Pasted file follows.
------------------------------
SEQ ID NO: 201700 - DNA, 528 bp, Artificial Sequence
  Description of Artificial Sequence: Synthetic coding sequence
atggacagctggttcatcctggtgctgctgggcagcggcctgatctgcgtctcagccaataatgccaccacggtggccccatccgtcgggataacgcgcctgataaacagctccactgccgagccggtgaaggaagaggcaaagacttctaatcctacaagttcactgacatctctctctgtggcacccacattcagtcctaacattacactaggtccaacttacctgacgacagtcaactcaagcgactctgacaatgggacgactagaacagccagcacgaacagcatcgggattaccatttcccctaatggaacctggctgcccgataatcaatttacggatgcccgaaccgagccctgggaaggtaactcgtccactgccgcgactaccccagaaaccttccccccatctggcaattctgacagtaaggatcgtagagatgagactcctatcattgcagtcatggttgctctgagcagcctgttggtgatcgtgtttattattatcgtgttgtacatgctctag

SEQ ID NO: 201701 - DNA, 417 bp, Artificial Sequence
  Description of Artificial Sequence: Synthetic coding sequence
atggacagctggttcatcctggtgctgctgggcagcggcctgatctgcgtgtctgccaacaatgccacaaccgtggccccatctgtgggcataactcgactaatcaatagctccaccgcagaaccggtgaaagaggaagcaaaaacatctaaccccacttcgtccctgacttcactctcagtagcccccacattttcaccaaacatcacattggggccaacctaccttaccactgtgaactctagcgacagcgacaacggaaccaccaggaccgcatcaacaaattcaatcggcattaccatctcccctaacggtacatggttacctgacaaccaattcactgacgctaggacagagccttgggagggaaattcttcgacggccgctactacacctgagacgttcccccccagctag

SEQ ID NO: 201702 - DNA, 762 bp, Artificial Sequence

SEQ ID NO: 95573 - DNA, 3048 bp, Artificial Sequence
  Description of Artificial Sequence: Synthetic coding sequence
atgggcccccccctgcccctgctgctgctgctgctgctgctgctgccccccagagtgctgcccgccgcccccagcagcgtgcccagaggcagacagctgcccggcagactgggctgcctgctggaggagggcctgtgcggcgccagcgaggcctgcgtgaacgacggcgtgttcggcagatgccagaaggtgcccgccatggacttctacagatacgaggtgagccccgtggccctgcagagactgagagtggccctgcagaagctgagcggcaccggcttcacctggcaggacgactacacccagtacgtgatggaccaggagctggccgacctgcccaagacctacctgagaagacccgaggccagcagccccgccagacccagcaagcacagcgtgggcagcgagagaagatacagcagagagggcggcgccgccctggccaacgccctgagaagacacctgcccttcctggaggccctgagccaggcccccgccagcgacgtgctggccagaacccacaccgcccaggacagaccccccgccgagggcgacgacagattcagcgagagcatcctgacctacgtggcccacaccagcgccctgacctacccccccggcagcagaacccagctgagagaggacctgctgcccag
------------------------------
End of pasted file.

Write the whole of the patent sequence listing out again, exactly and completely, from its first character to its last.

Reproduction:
SEQ ID NO: 201700 - DNA, 528 bp, Artificial Sequence
  Description of Artificial Sequence: Synthetic coding sequence
atggacagctggttcatcctggtgctgctgggcagcggcctgatctgcgtctcagccaataatgccaccacggtggccccatccgtcgggataacgcgcctgataaacagctccactgccgagccggtgaaggaagaggcaaagacttctaatcctacaagttcactgacatctctctctgtggcacccacattcagtcctaacattacactaggtccaacttacctgacgacagtcaactcaagcgactctgacaatgggacgactagaacagccagcacgaacagcatcgggattaccatttcccctaatggaacctggctgcccgataatcaatttacggatgcccgaaccgagccctgggaaggtaactcgtccactgccgcgactaccccagaaaccttccccccatctggcaattctgacagtaaggatcgtagagatgagactcctatcattgcagtcatggttgctctgagcagcctgttggtgatcgtgtttattattatcgtgttgtacatgctctag

SEQ ID NO: 201701 - DNA, 417 bp, Artificial Sequence
  Description of Artificial Sequence: Synthetic coding sequence
atggacagctggttcatcctggtgctgctgggcagcggcctgatctgcgtgtctgccaacaatgccacaaccgtggccccatctgtgggcataactcgactaatcaatagctccaccgcagaaccggtgaaagaggaagcaaaaacatctaaccccacttcgtccctgacttcactctcagtagcccccacattttcaccaaacatcacattggggccaacctaccttaccactgtgaactctagcgacagcgacaacggaaccaccaggaccgcatcaacaaattcaatcggcattaccatctcccctaacggtacatggttacctgacaaccaattcactgacgctaggacagagccttgggagggaaattcttcgacggccgctactacacctgagacgttcccccccagctag

SEQ ID NO: 201702 - DNA, 762 bp, Artificial Sequence

SEQ ID NO: 95573 - DNA, 3048 bp, Artificial Sequence
  Description of Artificial Sequence: Synthetic coding sequence
atgggcccccccctgcccctgctgctgctgctgctgctgctgctgccccccagagtgctgcccgccgcccccagcagcgtgcccagaggcagacagctgcccggcagactgggctgcctgctggaggagggcctgtgcggcgccagcgaggcctgcgtgaacgacggcgtgttcggcagatgccagaaggtgcccgccatggacttctacagatacgaggtgagccccgtggccctgcagagactgagagtggccctgcagaagctgagcggcaccggcttcacctggcaggacgactacacccagtacgtgatggaccaggagctggccgacctgcccaagacctacctgagaagacccgaggccagcagccccgccagacccagcaagcacagcgtgggcagcgagagaagatacagcagagagggcggcgccgccctggccaacgccctgagaagacacctgcccttcctggaggccctgagccaggcccccgccagcgacgtgctggccagaacccacaccgcccaggacagaccccccgccgagggcgacgacagattcagcgagagcatcctgacctacgtggcccacaccagcgccctgacctacccccccggcagcagaacccagctgagagaggacctgctgcccag